I was in college when I had my first child. I was studying East Asian Studies and Computer Science. K was conveniently born over Christmas break, and I was lucky enough to have my mom around to watch him while I studied.
It was hard, I won’t lie. Even with help, it was hard to code, to practice Japanese, and to study data structures – with an infant (and one with colic, no less.).
I struggled to understand the concept of Big O notation (a fact my son, now 18, teases me about.) But I got through it and graduated with an almost perfect GPA.
I didn’t go into computer science (or Asian Studies) then, but instead spent years raising K and then his two younger sisters while their dad started work as a software engineer. Those years were tough but magical, and I wouldn’t trade anything for the time I got to spend with my children.
Now, many years later, I’m starting over with my “new” partner. (That is in quotation marks because we’ve been together for over 10 years at this point.) We have a son together now, and I have rededicated myself to studying computer science. I like to play on hard mode, I guess.
The big challenge, of course, is figuring out how to find time for studying and coding projects. My mom is not available to watch this guy, and while he’s not colicky, he is clingy (as newborns tend to be.)
I did an online software engineering intensive program through Codesmith that ended right as my son, R, was being born. (I’m not kidding. Our graduation happened while I was in labor.) Now it is time to try to get a job in SWE, but in the meantime, I need to work to keep my skills sharp – but how??
Here’s my advice based on what I’ve learned over the years.
Pick a learning resource (or 2) and stick with it
There are so many awesome resources for learning software engineering and reinforcing coding practice. So it’s easy to get overwhelmed. Do I practice problems on AlgoExpert? Watch videos on Frontend Masters? Make something with Chingu?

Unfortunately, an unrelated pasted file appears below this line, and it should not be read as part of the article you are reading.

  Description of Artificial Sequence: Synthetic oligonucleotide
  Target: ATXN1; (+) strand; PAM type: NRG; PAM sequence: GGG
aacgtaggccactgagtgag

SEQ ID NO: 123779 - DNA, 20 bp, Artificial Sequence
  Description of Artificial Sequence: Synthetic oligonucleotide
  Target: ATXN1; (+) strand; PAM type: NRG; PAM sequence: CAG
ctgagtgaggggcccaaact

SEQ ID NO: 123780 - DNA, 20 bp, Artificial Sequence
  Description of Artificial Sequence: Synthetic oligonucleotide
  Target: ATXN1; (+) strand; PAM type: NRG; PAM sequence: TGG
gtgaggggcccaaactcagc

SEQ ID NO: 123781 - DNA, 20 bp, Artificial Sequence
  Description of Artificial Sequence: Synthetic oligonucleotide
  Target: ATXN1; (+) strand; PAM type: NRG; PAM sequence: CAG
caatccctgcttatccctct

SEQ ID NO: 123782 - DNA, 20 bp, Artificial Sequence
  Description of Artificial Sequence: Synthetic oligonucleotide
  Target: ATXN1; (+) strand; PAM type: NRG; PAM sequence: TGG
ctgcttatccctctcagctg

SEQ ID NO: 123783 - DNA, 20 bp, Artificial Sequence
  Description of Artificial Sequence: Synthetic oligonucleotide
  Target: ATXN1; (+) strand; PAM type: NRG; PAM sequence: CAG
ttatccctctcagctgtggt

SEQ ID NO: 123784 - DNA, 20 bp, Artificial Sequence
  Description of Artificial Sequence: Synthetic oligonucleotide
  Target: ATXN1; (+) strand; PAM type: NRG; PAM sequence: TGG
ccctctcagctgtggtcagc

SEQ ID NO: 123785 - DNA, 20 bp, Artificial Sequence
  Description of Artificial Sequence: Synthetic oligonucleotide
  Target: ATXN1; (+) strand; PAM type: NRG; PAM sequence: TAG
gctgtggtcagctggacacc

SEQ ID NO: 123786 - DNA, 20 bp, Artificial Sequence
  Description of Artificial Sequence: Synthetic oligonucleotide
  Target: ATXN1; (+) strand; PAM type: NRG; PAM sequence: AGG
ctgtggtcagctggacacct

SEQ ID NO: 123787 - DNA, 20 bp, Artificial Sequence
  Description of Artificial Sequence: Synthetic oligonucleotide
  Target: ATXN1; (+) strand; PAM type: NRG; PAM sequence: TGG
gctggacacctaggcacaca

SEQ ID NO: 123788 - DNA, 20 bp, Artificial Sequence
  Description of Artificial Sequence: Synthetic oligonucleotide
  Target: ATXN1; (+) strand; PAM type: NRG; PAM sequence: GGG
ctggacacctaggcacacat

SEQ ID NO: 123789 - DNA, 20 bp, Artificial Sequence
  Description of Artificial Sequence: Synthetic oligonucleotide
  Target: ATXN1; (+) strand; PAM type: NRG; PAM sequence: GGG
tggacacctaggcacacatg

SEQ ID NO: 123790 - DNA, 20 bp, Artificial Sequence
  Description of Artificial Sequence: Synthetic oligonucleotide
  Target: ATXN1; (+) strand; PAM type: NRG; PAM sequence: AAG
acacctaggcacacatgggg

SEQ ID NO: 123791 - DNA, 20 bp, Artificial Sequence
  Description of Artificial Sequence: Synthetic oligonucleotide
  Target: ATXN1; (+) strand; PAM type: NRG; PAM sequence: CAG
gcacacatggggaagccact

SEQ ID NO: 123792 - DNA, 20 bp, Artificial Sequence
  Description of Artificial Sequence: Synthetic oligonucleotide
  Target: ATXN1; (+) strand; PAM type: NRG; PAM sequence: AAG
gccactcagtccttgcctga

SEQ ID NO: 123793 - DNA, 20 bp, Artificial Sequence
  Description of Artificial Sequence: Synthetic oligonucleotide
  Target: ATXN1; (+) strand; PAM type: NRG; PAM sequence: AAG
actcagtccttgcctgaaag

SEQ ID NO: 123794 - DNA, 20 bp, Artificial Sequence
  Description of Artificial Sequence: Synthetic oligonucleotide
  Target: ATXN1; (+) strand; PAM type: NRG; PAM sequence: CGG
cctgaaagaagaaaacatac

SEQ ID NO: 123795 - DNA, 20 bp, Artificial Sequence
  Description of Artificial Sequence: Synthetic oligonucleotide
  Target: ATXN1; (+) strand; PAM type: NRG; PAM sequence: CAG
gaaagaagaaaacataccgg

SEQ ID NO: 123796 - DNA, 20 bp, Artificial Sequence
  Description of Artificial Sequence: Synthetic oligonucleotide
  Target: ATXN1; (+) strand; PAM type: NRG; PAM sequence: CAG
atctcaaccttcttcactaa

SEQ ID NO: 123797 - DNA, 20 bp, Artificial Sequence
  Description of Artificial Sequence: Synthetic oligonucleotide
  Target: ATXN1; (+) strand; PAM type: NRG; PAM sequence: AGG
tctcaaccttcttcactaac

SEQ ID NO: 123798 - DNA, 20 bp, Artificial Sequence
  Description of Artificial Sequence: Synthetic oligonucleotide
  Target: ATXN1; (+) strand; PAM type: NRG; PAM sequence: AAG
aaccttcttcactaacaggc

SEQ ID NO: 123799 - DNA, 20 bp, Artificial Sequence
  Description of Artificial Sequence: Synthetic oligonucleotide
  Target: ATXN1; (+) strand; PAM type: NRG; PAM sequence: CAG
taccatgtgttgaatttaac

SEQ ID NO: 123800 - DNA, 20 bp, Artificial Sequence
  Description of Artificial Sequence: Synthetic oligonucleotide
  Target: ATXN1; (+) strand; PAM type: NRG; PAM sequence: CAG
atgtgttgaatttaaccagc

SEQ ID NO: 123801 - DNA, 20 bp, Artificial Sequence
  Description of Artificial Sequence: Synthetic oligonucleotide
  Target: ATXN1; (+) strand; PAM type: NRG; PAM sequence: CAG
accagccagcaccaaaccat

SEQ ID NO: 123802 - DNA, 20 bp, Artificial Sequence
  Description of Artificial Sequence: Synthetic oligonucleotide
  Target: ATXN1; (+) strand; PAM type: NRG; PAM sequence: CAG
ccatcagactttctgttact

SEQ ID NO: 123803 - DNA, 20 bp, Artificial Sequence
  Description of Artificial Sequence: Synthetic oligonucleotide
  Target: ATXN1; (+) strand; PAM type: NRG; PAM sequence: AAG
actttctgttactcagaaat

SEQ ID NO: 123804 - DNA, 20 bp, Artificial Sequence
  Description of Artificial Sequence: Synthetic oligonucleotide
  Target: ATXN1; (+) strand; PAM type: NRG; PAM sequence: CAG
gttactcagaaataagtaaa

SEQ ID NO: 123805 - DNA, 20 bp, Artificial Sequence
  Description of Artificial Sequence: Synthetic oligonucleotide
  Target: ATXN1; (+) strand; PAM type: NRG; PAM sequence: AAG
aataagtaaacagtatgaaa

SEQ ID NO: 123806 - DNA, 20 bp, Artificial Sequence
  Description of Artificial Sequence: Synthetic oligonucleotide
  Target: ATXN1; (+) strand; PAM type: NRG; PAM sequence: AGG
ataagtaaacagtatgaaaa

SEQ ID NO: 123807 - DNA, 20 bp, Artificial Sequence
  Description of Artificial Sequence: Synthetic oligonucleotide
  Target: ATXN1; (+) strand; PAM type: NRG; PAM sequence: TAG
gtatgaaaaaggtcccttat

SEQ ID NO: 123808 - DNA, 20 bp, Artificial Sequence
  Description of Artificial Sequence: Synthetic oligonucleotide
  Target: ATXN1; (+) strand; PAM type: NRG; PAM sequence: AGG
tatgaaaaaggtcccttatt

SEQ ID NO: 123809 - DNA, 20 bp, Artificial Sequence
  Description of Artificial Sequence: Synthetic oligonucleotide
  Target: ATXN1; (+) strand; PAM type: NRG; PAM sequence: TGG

I decided to focus partially on Frontend Masters, to gain a deeper understanding of the inner workings of JS and React, partially on completing AlgoExpert problems, and partially on working on coding projects.
I’ve also found a nonprofit that needed software engineering volunteers and am making live demo sites for them. But I could just as easily work on my own projects or find an open source project to contribute to.
Make a plan before starting for the day
Projects can take three times as long for me if I’m not careful, just because my brain keeps going off on tangents.
This is not a luxury I can afford with a newborn. When I get time to work on SWE stuff, it can be very limited, so I need to make the best of it. I’ve decided that the best way to do this is to set an achievable and measurable goal at the beginning of the work time.
For example, I might:
- Watch 1/2 hour of video
- Fix a bug
- Work on one algorithm challenge
- Do some styling on a project
- Comment my code
- Read an article on Medium
When my mind starts to wander, I reign it in by focusing on my end goal for that time period.
Work with the Baby’s Schedule
I generally work best in the morning, but the baby is usually quite awake then, which makes it a bad time for anything that requires deep concentration.
I might get an odd morning here or there where he takes an unusually long nap and I can get some stuff done, but I can’t count on that. So, I plan on working in the afternoon or evening.
During the time that I’m not working on coding, I try to be as present with my son as possible. If thoughts arise about a SWE problem I’m trying to solve, I try to set it aside until I can dedicate my full attention to the problem. That way, I can be fully present with my son while also getting time to focus deeply on my coding task(s) for the day.
Focus on Relevant Technologies
At Codesmith, we primarily used the PERN stack. But as I look at the requirements of jobs I’m interested in, I find myself wondering what other technologies I should learn.
Should I learn Ruby/Rails? .NET? C#? Django? COBOL? (Joking, sort of.) This is another situation where it is easy to get overwhelmed, and I don’t have time for that lack of focus!
If I do see a major trend in another language or framework being used at jobs I’m specifically interested in, I’ll add that into the mix.
I think it’s important to talk about how we fit coding into our lives when we have a family, especially as mothers, and especially as COVID forces many women out of the workforce to stay home with their children.
I believe it is possible to be both an awesome hands-on parents and a great software engineer with a little bit of focus and time management.